By Michelle Crawley

Ask a physician about their biggest pain points when it comes to the physician billing process, and they’ll frequently mention denials. A denied claim is a claim that the payer has processed and refused reimbursement based on one or more factors.

No one wants their medical payments to be denied because spending time appealing a denied claim and sending it back to the payer for processing increases administrative costs and delays cash flow. That’s why it’s important to prevent denials in the first place. While you certainly want to work any denials that do occur, it takes more time to fix a claim than it takes to get it right the first time.

Etiology of denials

There are several common causes of claim denials, including:

♦  Ineligibility
♦  Procedure not medically necessary
♦  Preauthorization required
♦  Provider out of network
♦  Incomplete information
♦  Incorrect patient information (sex, name, DOB, insurance ID number)
♦  Incorrect provider information (NPI, address, name, contact information)
♦  Incorrect insurance provider information (wrong policy number, address)
♦  Duplicate claims
♦  Improper coding / issues with ICD-10
♦  Untimely filing

Fixing the problem

It’s important to have internal processes in place that can find and correct mistakes before a claim is submitted.

Consider investing in automated systems that help to flag potential errors before the claim leaves your office. A revenue cycle management (RCM) service can handle all aspects of the billing process. When properly integrated with an electronic health record (EHR) or a practice management (PM) system, the process can be streamlined and administrative mistakes can be reduced from patient check-in through final billing and reimbursement. Data is shared and claims can be submitted faster.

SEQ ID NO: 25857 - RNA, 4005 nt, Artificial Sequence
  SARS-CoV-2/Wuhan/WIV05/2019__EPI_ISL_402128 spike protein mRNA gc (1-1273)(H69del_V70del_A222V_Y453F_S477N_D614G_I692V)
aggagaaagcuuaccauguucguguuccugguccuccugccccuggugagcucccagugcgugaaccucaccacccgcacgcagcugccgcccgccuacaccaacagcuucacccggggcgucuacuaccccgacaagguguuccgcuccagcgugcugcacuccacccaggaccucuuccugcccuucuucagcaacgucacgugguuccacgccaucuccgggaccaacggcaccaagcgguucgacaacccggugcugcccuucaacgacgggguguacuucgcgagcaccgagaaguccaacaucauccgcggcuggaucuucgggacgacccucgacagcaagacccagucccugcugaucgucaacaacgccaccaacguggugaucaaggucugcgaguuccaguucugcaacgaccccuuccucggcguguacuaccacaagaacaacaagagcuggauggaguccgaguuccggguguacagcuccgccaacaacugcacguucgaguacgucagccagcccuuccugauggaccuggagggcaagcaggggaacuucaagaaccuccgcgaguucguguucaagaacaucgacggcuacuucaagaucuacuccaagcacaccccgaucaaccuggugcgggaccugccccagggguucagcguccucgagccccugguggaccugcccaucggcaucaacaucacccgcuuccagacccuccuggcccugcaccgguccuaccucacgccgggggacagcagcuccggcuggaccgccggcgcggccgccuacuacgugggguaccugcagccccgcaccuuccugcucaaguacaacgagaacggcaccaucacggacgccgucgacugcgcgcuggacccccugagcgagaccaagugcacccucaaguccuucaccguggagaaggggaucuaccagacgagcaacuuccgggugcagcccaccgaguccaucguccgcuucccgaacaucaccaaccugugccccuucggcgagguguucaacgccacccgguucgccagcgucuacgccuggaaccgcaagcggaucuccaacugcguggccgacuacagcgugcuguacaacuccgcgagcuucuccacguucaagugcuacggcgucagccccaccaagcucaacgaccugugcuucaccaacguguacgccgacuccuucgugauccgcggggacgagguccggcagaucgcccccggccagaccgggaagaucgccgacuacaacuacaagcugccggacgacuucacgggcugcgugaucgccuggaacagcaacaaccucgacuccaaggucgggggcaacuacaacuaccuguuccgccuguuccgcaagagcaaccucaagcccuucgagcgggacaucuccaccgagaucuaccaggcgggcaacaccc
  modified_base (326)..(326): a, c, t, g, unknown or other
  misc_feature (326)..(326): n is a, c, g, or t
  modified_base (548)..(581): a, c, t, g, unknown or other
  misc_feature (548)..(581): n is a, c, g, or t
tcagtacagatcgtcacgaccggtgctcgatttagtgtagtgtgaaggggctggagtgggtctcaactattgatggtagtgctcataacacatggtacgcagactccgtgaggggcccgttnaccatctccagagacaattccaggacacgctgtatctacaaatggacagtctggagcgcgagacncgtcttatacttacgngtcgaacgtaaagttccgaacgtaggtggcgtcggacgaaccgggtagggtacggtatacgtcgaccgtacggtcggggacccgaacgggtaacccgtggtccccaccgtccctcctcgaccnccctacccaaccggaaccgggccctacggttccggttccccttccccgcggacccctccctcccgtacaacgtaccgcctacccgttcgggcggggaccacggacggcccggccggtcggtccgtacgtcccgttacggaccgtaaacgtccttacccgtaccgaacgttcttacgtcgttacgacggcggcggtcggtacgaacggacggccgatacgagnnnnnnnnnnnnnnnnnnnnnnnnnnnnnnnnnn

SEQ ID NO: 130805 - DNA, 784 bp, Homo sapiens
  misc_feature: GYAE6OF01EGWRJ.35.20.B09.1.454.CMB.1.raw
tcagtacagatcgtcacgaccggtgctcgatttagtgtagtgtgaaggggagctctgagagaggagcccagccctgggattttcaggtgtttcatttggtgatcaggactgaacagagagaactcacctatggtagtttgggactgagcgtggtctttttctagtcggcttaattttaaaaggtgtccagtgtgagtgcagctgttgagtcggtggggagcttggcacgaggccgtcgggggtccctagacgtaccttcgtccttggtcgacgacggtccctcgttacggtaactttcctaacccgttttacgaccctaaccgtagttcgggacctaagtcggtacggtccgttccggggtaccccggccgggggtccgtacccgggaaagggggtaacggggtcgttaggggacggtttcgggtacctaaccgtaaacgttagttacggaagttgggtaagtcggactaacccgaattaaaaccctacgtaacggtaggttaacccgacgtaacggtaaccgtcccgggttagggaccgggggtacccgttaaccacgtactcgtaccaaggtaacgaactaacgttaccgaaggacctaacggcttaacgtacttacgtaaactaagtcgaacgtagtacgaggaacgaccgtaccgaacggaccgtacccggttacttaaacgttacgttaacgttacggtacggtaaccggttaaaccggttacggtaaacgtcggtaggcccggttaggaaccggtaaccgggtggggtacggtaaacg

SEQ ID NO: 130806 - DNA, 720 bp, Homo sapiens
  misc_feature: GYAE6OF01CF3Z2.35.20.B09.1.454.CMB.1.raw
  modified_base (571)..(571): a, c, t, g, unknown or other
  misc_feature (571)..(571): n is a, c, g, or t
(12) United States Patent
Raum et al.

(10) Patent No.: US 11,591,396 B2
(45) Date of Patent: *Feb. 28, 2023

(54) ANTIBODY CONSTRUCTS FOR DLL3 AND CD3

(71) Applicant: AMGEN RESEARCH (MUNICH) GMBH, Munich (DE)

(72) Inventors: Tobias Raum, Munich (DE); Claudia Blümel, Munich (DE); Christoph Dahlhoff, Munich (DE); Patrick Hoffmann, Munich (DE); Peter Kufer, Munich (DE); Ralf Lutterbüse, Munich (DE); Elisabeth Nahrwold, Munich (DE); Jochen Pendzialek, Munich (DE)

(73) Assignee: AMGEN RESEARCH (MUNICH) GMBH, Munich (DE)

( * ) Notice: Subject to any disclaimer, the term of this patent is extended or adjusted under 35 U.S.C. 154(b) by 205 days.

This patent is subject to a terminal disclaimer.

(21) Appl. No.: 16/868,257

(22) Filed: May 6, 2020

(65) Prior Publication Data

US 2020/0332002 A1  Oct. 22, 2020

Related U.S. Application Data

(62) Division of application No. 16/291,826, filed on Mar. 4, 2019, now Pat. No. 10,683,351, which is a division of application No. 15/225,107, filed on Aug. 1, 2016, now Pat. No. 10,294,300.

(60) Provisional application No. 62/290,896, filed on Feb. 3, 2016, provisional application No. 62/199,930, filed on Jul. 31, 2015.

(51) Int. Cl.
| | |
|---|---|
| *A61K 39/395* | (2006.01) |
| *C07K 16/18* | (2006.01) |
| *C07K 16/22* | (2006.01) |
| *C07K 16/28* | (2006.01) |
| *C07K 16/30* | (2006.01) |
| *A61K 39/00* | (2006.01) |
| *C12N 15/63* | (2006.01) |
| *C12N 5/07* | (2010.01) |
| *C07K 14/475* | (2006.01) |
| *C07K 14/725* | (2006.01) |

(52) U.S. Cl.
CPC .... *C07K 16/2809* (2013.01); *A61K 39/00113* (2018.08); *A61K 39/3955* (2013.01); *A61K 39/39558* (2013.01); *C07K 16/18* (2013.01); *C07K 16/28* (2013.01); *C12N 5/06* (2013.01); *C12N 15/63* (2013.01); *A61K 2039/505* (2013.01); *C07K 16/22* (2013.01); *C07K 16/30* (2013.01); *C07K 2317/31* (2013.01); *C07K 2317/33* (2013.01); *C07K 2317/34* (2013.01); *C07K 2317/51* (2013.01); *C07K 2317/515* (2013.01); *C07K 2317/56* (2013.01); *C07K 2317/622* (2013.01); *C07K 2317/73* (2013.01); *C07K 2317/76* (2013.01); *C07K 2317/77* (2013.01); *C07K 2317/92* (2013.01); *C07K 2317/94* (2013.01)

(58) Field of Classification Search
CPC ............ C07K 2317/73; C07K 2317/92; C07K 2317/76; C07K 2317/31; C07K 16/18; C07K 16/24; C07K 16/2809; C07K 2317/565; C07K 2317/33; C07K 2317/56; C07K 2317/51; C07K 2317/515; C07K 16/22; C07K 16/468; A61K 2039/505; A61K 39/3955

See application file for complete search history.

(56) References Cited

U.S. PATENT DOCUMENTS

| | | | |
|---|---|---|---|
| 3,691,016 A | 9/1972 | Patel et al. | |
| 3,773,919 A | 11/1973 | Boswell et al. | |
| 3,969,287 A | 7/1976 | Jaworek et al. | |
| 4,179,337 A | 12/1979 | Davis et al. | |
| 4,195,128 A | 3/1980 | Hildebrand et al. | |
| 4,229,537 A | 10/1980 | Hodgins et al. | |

With this integrated technology, procedures can be incorporated into the revenue cycle workflow, such as:

8 Tips for Physician Practices

1.   Scanning photo identification and insurance cards at every patient visit.

2.   Verifying insurance eligibility ahead of time.

3    Using an EHR to submit CPT and ICD-10 diagnoses.

4.   Verifying patient information is correct.

5.   Performing claim scrubbing. This is the term for reviewing claims before they are submitted, in order to ensure they are correct (or clean) to meet guidelines from insurance companies. This can be done manually or through billing software or an RCM service in order to prevent rejections.

6.   Posting alerts and notifications to submit changes within 48-72 hours of the date of service.

7.   Electronic submission (or resubmission) of the claim to expedite reimbursement.

8.   Consistent, timely follow-up on unpaid claims.

Don’t just write off denials. Get the tools you need to assist your staff in minimizing them to help with reimbursement. Having a low denial rate demonstrates a healthy cash flow and allows your team to focus on what matters most: administering patient care.

Michelle Crawley is a marketing specialist for Quest Diagnostics Quanum portfolio (formerly Care360). Quanum’s Electronic Health Record (EHR), Practice Management (PM), and Revenue Cycle Management (RCM) clinical and financial solutions help physicians analyze, connect, and engage for better outcomes. To learn more about Quest solutions, call 1.888.491.7900.